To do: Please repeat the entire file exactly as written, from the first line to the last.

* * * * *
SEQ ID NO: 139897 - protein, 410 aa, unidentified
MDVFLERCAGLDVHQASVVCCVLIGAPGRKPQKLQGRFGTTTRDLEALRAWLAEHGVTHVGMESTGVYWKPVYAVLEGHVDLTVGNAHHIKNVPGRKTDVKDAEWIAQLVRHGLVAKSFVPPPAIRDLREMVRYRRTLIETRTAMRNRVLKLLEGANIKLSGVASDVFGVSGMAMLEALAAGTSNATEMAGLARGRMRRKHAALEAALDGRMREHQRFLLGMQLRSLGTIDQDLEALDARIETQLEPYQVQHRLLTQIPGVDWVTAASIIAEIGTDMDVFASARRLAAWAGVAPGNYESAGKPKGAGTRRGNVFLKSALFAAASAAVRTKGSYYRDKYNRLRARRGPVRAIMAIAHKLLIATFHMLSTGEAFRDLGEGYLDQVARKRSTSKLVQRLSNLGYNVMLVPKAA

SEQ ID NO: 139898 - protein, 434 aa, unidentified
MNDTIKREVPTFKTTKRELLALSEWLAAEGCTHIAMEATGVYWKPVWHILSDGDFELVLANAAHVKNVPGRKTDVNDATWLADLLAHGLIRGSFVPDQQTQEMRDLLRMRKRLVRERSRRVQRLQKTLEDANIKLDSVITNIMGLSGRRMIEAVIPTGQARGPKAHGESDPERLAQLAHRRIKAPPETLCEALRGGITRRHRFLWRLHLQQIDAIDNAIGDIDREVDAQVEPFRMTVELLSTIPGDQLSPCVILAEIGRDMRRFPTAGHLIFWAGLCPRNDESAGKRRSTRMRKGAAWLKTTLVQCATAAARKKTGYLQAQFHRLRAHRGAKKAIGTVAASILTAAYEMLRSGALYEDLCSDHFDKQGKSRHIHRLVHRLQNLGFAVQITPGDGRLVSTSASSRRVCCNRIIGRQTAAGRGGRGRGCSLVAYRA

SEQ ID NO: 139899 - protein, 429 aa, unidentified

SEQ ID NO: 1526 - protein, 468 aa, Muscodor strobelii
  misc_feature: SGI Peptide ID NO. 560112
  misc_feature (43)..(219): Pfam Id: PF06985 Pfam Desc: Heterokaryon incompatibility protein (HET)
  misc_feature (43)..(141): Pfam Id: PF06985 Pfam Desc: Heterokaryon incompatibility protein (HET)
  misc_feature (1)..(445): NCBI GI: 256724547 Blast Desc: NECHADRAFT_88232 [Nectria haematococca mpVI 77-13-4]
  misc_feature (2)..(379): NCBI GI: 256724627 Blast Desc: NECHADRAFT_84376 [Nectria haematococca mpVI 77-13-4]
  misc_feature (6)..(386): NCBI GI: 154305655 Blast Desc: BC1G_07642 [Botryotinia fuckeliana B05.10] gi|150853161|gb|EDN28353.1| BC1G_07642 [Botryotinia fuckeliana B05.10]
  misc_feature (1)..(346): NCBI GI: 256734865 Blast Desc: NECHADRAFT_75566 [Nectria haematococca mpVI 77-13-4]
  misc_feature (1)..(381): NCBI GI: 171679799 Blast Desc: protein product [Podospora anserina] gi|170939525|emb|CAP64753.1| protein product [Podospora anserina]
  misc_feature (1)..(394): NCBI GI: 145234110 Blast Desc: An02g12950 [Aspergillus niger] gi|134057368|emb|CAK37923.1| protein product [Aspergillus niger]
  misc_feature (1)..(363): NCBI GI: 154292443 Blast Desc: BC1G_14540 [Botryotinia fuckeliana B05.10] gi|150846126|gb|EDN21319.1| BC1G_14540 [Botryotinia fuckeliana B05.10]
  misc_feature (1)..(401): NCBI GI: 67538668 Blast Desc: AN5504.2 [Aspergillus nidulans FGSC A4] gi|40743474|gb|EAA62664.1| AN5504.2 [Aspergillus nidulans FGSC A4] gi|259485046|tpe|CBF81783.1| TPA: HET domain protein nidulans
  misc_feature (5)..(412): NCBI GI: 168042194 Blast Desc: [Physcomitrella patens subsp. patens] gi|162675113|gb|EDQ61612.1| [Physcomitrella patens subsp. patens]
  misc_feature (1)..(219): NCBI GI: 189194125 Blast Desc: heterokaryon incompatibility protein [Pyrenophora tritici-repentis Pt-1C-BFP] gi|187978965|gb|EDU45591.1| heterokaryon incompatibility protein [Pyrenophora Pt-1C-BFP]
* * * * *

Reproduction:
SEQ ID NO: 139897 - protein, 410 aa, unidentified
MDVFLERCAGLDVHQASVVCCVLIGAPGRKPQKLQGRFGTTTRDLEALRAWLAEHGVTHVGMESTGVYWKPVYAVLEGHVDLTVGNAHHIKNVPGRKTDVKDAEWIAQLVRHGLVAKSFVPPPAIRDLREMVRYRRTLIETRTAMRNRVLKLLEGANIKLSGVASDVFGVSGMAMLEALAAGTSNATEMAGLARGRMRRKHAALEAALDGRMREHQRFLLGMQLRSLGTIDQDLEALDARIETQLEPYQVQHRLLTQIPGVDWVTAASIIAEIGTDMDVFASARRLAAWAGVAPGNYESAGKPKGAGTRRGNVFLKSALFAAASAAVRTKGSYYRDKYNRLRARRGPVRAIMAIAHKLLIATFHMLSTGEAFRDLGEGYLDQVARKRSTSKLVQRLSNLGYNVMLVPKAA

SEQ ID NO: 139898 - protein, 434 aa, unidentified
MNDTIKREVPTFKTTKRELLALSEWLAAEGCTHIAMEATGVYWKPVWHILSDGDFELVLANAAHVKNVPGRKTDVNDATWLADLLAHGLIRGSFVPDQQTQEMRDLLRMRKRLVRERSRRVQRLQKTLEDANIKLDSVITNIMGLSGRRMIEAVIPTGQARGPKAHGESDPERLAQLAHRRIKAPPETLCEALRGGITRRHRFLWRLHLQQIDAIDNAIGDIDREVDAQVEPFRMTVELLSTIPGDQLSPCVILAEIGRDMRRFPTAGHLIFWAGLCPRNDESAGKRRSTRMRKGAAWLKTTLVQCATAAARKKTGYLQAQFHRLRAHRGAKKAIGTVAASILTAAYEMLRSGALYEDLCSDHFDKQGKSRHIHRLVHRLQNLGFAVQITPGDGRLVSTSASSRRVCCNRIIGRQTAAGRGGRGRGCSLVAYRA

SEQ ID NO: 139899 - protein, 429 aa, unidentified

SEQ ID NO: 1526 - protein, 468 aa, Muscodor strobelii
  misc_feature: SGI Peptide ID NO. 560112
  misc_feature (43)..(219): Pfam Id: PF06985 Pfam Desc: Heterokaryon incompatibility protein (HET)
  misc_feature (43)..(141): Pfam Id: PF06985 Pfam Desc: Heterokaryon incompatibility protein (HET)
  misc_feature (1)..(445): NCBI GI: 256724547 Blast Desc: NECHADRAFT_88232 [Nectria haematococca mpVI 77-13-4]
  misc_feature (2)..(379): NCBI GI: 256724627 Blast Desc: NECHADRAFT_84376 [Nectria haematococca mpVI 77-13-4]
  misc_feature (6)..(386): NCBI GI: 154305655 Blast Desc: BC1G_07642 [Botryotinia fuckeliana B05.10] gi|150853161|gb|EDN28353.1| BC1G_07642 [Botryotinia fuckeliana B05.10]
  misc_feature (1)..(346): NCBI GI: 256734865 Blast Desc: NECHADRAFT_75566 [Nectria haematococca mpVI 77-13-4]
  misc_feature (1)..(381): NCBI GI: 171679799 Blast Desc: protein product [Podospora anserina] gi|170939525|emb|CAP64753.1| protein product [Podospora anserina]
  misc_feature (1)..(394): NCBI GI: 145234110 Blast Desc: An02g12950 [Aspergillus niger] gi|134057368|emb|CAK37923.1| protein product [Aspergillus niger]
  misc_feature (1)..(363): NCBI GI: 154292443 Blast Desc: BC1G_14540 [Botryotinia fuckeliana B05.10] gi|150846126|gb|EDN21319.1| BC1G_14540 [Botryotinia fuckeliana B05.10]
  misc_feature (1)..(401): NCBI GI: 67538668 Blast Desc: AN5504.2 [Aspergillus nidulans FGSC A4] gi|40743474|gb|EAA62664.1| AN5504.2 [Aspergillus nidulans FGSC A4] gi|259485046|tpe|CBF81783.1| TPA: HET domain protein nidulans
  misc_feature (5)..(412): NCBI GI: 168042194 Blast Desc: [Physcomitrella patens subsp. patens] gi|162675113|gb|EDQ61612.1| [Physcomitrella patens subsp. patens]
  misc_feature (1)..(219): NCBI GI: 189194125 Blast Desc: heterokaryon incompatibility protein [Pyrenophora tritici-repentis Pt-1C-BFP] gi|187978965|gb|EDU45591.1| heterokaryon incompatibility protein [Pyrenophora Pt-1C-BFP]